Shark By-Watch UK 2 Field Studies

Under the over-arching themes of the project's three work packages (see 'About'), Shark By-Watch UK 2 is undertaking three field studies in fisheries around the UK.

 

Bristol Channel Skate & Ray Fishery


Commercial trawl and net fisheries have historically had important target and non-target fisheries for various skate and ray (such as thornback, blonde, spotted and small-eyed ray) in the Bristol Channel, and although these fisheries continue to operate with the implementation of a voluntary seasonal closure on juvenile ray grounds (respected by UK and Belgian fleets), the current skate and ray TAC (Total Allowable Catch) has become increasingly restrictive. This study will investigate the current status of the various commercial ray species within the Bristol Channel, with some focus on the voluntary 'ray box' seasonal closure, using a range of gear types running from July 2015 to December 2015. Fisher-led self-sampling surveys will collect biological data on skates and ray (e.g distribution of sex ratios, maturity and size composition), together with compiling knowledge of habitat preferences throughout the Bristol Channel to determine the extent of spatial abundance, juvenile/ nursery grounds and stock residency.

 

 

The Wash Skate and Ray Fishery


Fishing vessels in the southern North Sea operate in areas that support historically important target and non-target ray fisheries, such as those for thornback, blonde and spotted ray. Fishermen report that these species are locally and seasonally common off the coasts of Lincolnshire and Norfolk, with significant abundance reported in the Wash. However, limited allocation of skate and ray quota for the under 10 metre and non-sector fleets has meant a significant level of enforced regulatory discards of skates and rays in this fishery. As a result, traditional fishing practices have been forced to change, with a subsequent loss of fisher knowledge on the local ray fisheries and also a loss of valuable information for input into the stock assessments for North Sea skate and rays.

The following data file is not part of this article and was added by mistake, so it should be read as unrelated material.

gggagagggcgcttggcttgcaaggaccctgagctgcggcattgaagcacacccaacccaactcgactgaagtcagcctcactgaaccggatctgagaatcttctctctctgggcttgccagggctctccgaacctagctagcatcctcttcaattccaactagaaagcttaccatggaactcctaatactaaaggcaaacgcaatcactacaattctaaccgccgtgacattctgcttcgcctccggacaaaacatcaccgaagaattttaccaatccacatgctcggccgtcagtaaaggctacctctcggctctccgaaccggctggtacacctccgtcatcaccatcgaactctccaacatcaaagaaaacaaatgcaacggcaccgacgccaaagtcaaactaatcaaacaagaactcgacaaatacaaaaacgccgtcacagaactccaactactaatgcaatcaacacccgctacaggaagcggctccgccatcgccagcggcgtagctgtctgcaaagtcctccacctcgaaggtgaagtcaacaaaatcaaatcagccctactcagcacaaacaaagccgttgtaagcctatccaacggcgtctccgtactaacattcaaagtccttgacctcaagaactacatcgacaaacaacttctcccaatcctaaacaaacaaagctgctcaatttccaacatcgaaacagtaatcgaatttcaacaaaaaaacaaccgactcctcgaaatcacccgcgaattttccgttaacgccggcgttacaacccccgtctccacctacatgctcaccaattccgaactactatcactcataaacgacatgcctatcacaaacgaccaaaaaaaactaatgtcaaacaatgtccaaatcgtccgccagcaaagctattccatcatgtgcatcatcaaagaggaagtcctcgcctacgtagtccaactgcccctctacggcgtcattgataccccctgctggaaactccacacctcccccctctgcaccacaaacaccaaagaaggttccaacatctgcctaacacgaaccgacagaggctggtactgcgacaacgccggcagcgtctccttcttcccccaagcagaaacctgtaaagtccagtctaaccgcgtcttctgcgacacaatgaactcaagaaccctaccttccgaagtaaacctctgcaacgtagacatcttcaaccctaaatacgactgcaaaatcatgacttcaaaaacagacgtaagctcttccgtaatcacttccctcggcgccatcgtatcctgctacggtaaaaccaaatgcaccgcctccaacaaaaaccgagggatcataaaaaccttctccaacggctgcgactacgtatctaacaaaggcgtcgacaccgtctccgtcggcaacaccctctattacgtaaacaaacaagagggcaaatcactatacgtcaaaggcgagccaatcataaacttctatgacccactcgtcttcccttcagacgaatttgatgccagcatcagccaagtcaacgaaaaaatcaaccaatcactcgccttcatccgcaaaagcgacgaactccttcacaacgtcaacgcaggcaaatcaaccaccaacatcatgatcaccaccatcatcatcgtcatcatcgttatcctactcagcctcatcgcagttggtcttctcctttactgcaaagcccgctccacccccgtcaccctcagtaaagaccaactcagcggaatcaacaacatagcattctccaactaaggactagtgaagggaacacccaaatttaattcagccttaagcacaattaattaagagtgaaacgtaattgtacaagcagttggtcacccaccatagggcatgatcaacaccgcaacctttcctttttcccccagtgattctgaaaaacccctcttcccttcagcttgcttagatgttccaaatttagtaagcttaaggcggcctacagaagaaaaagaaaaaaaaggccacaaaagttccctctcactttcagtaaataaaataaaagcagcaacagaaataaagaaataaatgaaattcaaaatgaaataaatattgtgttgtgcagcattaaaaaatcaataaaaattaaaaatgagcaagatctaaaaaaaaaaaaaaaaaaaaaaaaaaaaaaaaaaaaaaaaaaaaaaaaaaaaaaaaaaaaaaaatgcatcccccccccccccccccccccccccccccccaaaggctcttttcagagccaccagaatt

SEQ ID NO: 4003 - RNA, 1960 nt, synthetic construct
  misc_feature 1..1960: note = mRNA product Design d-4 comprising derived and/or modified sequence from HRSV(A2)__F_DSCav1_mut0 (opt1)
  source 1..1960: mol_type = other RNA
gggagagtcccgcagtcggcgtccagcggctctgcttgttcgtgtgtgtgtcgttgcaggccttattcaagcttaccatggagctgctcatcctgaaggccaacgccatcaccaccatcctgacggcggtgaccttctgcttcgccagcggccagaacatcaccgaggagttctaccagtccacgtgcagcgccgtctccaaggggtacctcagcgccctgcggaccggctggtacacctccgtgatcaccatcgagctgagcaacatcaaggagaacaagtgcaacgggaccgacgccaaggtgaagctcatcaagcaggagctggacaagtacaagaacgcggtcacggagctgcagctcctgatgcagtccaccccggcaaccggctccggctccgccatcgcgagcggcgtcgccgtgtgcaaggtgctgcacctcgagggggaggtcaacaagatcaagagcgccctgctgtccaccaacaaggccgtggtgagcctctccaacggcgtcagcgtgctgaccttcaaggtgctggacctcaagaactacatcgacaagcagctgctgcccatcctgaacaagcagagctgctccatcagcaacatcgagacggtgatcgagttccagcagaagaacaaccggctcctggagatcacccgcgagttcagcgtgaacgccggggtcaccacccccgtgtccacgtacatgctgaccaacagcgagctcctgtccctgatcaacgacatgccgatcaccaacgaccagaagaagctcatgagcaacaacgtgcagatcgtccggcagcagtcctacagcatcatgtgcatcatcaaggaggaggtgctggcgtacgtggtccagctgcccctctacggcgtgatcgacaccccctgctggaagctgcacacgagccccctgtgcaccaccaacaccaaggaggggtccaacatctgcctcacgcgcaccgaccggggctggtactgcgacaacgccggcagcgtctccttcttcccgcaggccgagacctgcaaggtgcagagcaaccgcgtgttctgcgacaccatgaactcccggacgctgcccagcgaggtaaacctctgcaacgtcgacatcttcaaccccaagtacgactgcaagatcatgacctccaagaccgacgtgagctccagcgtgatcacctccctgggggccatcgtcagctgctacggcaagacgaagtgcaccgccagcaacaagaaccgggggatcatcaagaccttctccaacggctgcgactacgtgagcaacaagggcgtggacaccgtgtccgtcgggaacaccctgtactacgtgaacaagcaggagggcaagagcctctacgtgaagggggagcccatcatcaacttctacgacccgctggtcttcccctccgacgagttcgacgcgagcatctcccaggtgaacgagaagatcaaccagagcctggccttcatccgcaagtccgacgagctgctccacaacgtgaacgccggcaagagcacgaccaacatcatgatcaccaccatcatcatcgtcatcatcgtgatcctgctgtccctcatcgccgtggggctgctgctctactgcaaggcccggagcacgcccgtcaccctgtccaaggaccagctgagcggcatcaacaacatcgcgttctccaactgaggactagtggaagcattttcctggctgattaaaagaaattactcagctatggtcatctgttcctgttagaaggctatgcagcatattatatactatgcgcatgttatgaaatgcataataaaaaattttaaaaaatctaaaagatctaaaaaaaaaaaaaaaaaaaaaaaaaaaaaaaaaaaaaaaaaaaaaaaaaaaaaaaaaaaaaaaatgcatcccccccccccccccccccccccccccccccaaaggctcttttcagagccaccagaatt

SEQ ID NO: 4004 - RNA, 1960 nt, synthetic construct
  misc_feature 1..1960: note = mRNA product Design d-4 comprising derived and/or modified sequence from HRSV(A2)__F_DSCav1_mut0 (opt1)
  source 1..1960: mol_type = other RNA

This study will create a better understanding of rays in the Wash, (including the Norfolk and Lincolnshire coast) by monitoring ray catches and by-catch by various commercial gears from July 2015 to November 2015. Fisher-led self-sampling surveys will collect biological data, together with compiling knowledge of habitat preferences throughout the Wash to help to determine the extent of spatial abundance and stock residency of juvenile and adult skate and ray off the Norfolk and Lincolnshire coast.

 

Thames Estuary Thornback Ray Fishery


Working with Thames Estuary fishermen, the Kent & Essex IFCA, Wm Morrison Supermarkets Plc, Defra and the Marine Management Organisation, potential mamagement measures for a sustainable and discard-minimal fishery for thornback ray in the Thames Estuary will be investigated.

The previous Shark By-Watch UK pilot conducted fishermen-led surveys of thornback ray within the Greater Thames Estuary area. The results showed that catches of thornback ray can be substantial at certain localities and at certain times of year. However, due to low allocation of TAC for thornback ray to the local under 10 metre fleet in the area, high levels of discarding remain a significant issue.

Targeted by inshore commercial fishermen, thornback ray in the Thames Estuary is an ideal candidate for specific spatial, seasonal and technical measures to develop local management procedures, as the vast majority of the Thames Estuary area is managed locally by the regional, Kent and Essex IFCA. Fisher led self-sampling surveys, guided by Cefas scientists, will be undertaken to establish the current spatial abundance of thornback ray, collecting valuable data on the health of the stock, together with identifying any habitat preferences for feeding, spawning and juvenile nursery grounds.

Read more about the field studies in our 'invitation to tender' document here (please note the deadline for submissions has now passed).